It is hard for some folks to slow down. My Ayurveda teacher, David Frawley, described the fifteen to sixty-minute practice of Yoga Nidra in Shavian as a deep practice of being, and that being is healing—not doing or becoming. Today, a flow or speed Yoga class might end with five minutes in shavasana with music still playing! However, I feel it is compassionate to meet people halfway. Expecting someone to sit or lie down for 60 minutes may be too much. Sixty minutes of movement followed by 30 minutes of internalized practices might be more accommodating.
As difficult as it was for me to slow down with meditation, I began to experience its healing power. For over a year, I would feel very uncomfortable while meditating. I would feel waves of grief, fear, and anger. I would cry for no apparent reason. The unconsciousness was becoming conscious and I was releasing repressed and suppressed emotional wounds and memories. I was healing. I call it taking out the garbage. I was doing the work to be.
One of my Zen teachers in the 70’s used to say you were not meditating until you cried during meditation. Apparently, I was going deep! Eventually the mental chatter and emotional waves began to settle. I was meditating on the breath. If my mind wandered, I would note the distraction-like thinking and return to the breath. I noticed the pause after each out-breath before the in-breath was born. During the pause, I was aware of stillness and silence. It was magical! For a few seconds, I was aware of not thinking.
Some Yoga Sutra commentators have mentioned this with YS: 2:50 and 51. “Pranayama manifests as external, internal, and restrained movements of breath. These are drawn out and subtle in accordance to place, time, and number. The fourth type of pranayama surpasses the limits of the external and the internal.”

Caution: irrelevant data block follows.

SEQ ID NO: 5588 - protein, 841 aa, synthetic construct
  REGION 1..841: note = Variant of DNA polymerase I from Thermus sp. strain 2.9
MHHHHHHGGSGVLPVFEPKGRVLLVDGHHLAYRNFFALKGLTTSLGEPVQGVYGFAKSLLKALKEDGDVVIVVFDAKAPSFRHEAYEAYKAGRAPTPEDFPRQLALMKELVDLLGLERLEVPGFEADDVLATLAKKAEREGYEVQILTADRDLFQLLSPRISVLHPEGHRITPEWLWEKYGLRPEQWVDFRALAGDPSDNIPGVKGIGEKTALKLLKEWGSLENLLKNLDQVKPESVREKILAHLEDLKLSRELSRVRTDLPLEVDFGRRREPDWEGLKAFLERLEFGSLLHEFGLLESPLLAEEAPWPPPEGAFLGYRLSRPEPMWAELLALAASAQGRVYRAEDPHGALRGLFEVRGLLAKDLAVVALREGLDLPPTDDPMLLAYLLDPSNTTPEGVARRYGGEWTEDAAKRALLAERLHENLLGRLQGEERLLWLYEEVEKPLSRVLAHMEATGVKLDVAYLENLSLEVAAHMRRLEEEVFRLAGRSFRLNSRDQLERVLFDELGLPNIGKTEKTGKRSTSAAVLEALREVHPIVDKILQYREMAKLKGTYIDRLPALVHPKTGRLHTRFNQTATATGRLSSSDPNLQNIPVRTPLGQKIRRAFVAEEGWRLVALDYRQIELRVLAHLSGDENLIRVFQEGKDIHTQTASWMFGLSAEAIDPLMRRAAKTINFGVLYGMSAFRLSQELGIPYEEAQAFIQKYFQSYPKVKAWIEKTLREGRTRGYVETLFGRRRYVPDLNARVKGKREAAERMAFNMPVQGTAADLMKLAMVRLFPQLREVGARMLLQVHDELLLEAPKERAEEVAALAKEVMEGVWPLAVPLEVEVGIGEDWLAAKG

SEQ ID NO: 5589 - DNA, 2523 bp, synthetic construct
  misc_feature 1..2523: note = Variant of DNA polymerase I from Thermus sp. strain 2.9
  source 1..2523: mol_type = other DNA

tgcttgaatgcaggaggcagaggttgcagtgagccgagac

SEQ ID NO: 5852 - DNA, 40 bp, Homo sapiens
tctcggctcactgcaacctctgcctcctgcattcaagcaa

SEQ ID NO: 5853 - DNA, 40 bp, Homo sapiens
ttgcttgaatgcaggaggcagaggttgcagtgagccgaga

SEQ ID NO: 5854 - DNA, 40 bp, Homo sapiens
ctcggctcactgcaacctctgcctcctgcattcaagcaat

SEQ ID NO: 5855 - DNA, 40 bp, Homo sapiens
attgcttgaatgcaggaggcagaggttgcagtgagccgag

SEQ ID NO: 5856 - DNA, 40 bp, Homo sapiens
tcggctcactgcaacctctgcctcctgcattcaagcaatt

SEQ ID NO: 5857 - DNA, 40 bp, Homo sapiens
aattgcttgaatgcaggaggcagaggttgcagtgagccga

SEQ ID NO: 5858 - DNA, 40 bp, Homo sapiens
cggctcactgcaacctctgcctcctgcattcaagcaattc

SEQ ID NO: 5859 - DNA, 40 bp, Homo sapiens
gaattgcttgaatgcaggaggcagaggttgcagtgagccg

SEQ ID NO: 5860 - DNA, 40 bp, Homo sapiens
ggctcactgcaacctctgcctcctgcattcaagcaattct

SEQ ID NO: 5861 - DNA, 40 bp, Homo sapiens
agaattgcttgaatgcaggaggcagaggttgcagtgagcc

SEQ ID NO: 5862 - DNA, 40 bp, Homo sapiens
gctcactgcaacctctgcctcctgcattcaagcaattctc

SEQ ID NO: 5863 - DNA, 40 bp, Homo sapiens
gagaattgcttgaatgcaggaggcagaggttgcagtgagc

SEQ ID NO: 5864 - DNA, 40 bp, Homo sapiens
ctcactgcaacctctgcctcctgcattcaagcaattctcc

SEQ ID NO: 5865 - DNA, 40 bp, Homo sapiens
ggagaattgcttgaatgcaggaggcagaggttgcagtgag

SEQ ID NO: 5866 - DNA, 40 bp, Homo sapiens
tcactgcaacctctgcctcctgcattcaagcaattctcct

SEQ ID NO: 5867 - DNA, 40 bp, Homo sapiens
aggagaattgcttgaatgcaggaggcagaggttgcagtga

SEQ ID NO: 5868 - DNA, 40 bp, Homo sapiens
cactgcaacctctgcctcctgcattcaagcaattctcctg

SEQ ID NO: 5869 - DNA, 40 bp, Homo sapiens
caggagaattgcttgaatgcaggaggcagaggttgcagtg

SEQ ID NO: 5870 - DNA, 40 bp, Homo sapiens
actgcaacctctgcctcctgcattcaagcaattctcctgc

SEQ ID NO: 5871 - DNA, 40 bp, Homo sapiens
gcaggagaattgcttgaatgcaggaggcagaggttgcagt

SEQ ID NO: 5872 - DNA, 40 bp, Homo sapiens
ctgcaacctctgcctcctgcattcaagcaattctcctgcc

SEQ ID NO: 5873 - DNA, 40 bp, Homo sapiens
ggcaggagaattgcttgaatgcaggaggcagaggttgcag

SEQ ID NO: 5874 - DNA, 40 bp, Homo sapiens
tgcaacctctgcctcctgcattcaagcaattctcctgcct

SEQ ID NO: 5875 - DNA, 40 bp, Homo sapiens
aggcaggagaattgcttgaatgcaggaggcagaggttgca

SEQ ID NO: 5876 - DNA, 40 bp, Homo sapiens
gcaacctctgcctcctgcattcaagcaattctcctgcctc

Kumbhaka means breath retention. Antar kumbhaka is internal breath retention and is contraindicated if one has hypertension. Bahir kumbhaka is external breath retention and may be contraindicated with low blood pressure. I was experiencing spontaneous bahir kumbhaka. The feeling was mental peace. Thus, I noticed I was becoming more intuitive. I would usually use logic and empirical knowledge to solve problems and address challenges. When I could “mentally pause,” I would intuit what to do next. This was a radical change from how I had always made decisions.
For the first time, I was noticing synchronicity in my life. I think it was always there but I began to see it and to see it more often as I let go of controlling every detail of my life. My final years at college and the beginning of a career and raising a family would give me many opportunities to navigate the balance of the logical and intuitive mind.